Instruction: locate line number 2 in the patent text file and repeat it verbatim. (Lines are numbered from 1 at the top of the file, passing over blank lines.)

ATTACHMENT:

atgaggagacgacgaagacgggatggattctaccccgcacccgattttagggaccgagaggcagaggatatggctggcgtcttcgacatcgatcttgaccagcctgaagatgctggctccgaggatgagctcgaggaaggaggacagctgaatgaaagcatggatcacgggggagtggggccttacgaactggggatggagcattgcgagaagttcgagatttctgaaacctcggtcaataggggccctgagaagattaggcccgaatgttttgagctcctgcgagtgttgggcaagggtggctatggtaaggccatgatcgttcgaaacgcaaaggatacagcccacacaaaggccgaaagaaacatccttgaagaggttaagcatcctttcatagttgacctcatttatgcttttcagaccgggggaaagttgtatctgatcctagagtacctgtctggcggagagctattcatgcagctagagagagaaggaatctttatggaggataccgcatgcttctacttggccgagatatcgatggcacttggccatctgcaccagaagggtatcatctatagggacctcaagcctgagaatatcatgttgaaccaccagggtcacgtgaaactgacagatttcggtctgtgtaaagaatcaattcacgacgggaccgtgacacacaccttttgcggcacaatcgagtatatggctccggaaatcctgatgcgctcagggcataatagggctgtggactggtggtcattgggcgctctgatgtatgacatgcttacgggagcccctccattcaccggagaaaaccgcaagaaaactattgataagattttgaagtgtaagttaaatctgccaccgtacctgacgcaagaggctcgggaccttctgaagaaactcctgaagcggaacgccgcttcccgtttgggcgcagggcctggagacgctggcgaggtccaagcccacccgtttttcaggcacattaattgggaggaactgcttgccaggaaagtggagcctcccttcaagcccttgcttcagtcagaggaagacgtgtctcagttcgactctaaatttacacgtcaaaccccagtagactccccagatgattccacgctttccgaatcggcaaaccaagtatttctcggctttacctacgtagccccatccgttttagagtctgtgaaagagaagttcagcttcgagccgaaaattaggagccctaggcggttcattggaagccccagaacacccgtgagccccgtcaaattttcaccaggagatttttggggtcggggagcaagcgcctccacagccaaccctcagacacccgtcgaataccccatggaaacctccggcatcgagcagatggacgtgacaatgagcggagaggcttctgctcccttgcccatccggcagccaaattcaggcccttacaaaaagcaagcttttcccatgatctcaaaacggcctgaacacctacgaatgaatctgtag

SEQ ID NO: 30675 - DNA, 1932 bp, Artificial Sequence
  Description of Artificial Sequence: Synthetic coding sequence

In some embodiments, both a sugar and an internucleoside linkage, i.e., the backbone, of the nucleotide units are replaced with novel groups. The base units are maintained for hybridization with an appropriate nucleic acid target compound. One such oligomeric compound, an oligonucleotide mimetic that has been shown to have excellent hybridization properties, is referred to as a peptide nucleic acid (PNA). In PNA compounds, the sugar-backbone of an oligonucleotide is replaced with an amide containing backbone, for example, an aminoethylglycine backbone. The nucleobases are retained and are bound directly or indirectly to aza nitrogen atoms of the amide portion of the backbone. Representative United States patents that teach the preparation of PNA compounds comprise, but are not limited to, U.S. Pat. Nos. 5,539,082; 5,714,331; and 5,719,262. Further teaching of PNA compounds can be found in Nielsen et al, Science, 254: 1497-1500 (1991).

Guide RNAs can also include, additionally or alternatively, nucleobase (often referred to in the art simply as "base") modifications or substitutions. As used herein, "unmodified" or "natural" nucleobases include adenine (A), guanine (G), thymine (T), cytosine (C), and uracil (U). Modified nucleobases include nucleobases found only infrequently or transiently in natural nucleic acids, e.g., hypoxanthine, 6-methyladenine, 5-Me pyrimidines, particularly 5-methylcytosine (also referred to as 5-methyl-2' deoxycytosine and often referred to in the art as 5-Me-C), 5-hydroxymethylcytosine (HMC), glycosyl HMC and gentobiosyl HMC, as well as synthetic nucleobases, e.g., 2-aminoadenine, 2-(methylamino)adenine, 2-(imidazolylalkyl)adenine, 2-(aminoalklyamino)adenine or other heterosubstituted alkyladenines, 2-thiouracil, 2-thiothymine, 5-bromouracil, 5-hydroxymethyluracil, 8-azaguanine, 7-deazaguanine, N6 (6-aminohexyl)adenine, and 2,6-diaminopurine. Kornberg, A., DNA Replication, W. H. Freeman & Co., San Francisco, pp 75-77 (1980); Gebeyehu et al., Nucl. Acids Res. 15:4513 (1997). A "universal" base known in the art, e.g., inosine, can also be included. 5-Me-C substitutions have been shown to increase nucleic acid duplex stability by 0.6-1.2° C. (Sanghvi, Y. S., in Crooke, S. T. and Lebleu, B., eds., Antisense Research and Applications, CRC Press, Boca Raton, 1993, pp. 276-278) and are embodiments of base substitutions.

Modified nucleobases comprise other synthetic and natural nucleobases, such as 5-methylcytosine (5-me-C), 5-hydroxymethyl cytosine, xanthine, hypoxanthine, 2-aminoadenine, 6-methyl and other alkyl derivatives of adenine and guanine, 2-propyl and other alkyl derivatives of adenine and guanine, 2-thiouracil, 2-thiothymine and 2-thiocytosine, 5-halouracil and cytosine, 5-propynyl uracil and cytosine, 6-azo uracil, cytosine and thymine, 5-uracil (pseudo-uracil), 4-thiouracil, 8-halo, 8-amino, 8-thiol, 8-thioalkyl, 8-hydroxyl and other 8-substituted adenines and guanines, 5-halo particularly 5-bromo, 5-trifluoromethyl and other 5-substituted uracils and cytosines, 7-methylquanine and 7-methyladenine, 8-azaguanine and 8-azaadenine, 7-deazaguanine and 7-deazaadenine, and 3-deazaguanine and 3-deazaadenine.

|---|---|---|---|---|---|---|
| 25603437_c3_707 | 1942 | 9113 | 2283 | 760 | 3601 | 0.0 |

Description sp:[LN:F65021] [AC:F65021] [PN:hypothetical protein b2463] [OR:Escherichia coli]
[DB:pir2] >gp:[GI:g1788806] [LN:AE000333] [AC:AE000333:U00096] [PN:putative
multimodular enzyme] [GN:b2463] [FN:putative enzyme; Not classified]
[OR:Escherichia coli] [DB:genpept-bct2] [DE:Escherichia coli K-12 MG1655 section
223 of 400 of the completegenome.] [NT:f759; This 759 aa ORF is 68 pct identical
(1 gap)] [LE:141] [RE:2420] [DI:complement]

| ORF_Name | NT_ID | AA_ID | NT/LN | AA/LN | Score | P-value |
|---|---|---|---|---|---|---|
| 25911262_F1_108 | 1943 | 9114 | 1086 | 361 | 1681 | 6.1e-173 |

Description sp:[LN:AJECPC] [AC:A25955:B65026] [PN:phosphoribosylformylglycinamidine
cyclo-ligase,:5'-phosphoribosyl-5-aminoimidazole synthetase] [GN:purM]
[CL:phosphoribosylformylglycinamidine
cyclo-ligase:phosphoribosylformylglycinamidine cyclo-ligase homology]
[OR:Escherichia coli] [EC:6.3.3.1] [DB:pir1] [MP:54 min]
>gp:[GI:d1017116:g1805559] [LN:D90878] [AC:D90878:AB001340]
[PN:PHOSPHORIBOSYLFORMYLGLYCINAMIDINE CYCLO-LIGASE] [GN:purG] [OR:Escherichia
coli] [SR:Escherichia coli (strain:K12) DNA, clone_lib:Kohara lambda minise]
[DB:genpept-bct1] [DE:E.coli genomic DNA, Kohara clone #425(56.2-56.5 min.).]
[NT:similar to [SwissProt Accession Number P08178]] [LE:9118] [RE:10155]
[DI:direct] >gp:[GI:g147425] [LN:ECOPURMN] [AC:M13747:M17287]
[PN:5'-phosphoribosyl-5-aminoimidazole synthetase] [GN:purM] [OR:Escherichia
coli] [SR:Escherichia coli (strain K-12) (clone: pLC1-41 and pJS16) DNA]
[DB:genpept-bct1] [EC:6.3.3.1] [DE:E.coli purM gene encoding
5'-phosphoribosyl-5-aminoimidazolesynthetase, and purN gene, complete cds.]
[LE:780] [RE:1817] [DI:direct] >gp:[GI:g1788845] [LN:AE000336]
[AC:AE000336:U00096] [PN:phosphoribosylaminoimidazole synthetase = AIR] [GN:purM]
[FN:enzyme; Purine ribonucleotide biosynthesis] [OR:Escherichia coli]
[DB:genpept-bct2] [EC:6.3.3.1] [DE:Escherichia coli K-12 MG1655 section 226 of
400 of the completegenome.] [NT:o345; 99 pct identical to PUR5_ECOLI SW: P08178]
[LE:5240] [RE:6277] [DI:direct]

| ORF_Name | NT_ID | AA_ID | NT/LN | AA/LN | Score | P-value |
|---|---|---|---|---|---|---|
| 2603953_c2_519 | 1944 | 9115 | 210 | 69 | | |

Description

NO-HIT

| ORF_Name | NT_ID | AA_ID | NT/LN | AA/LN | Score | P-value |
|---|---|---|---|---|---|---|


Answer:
SEQ ID NO: 30675 - DNA, 1932 bp, Artificial Sequence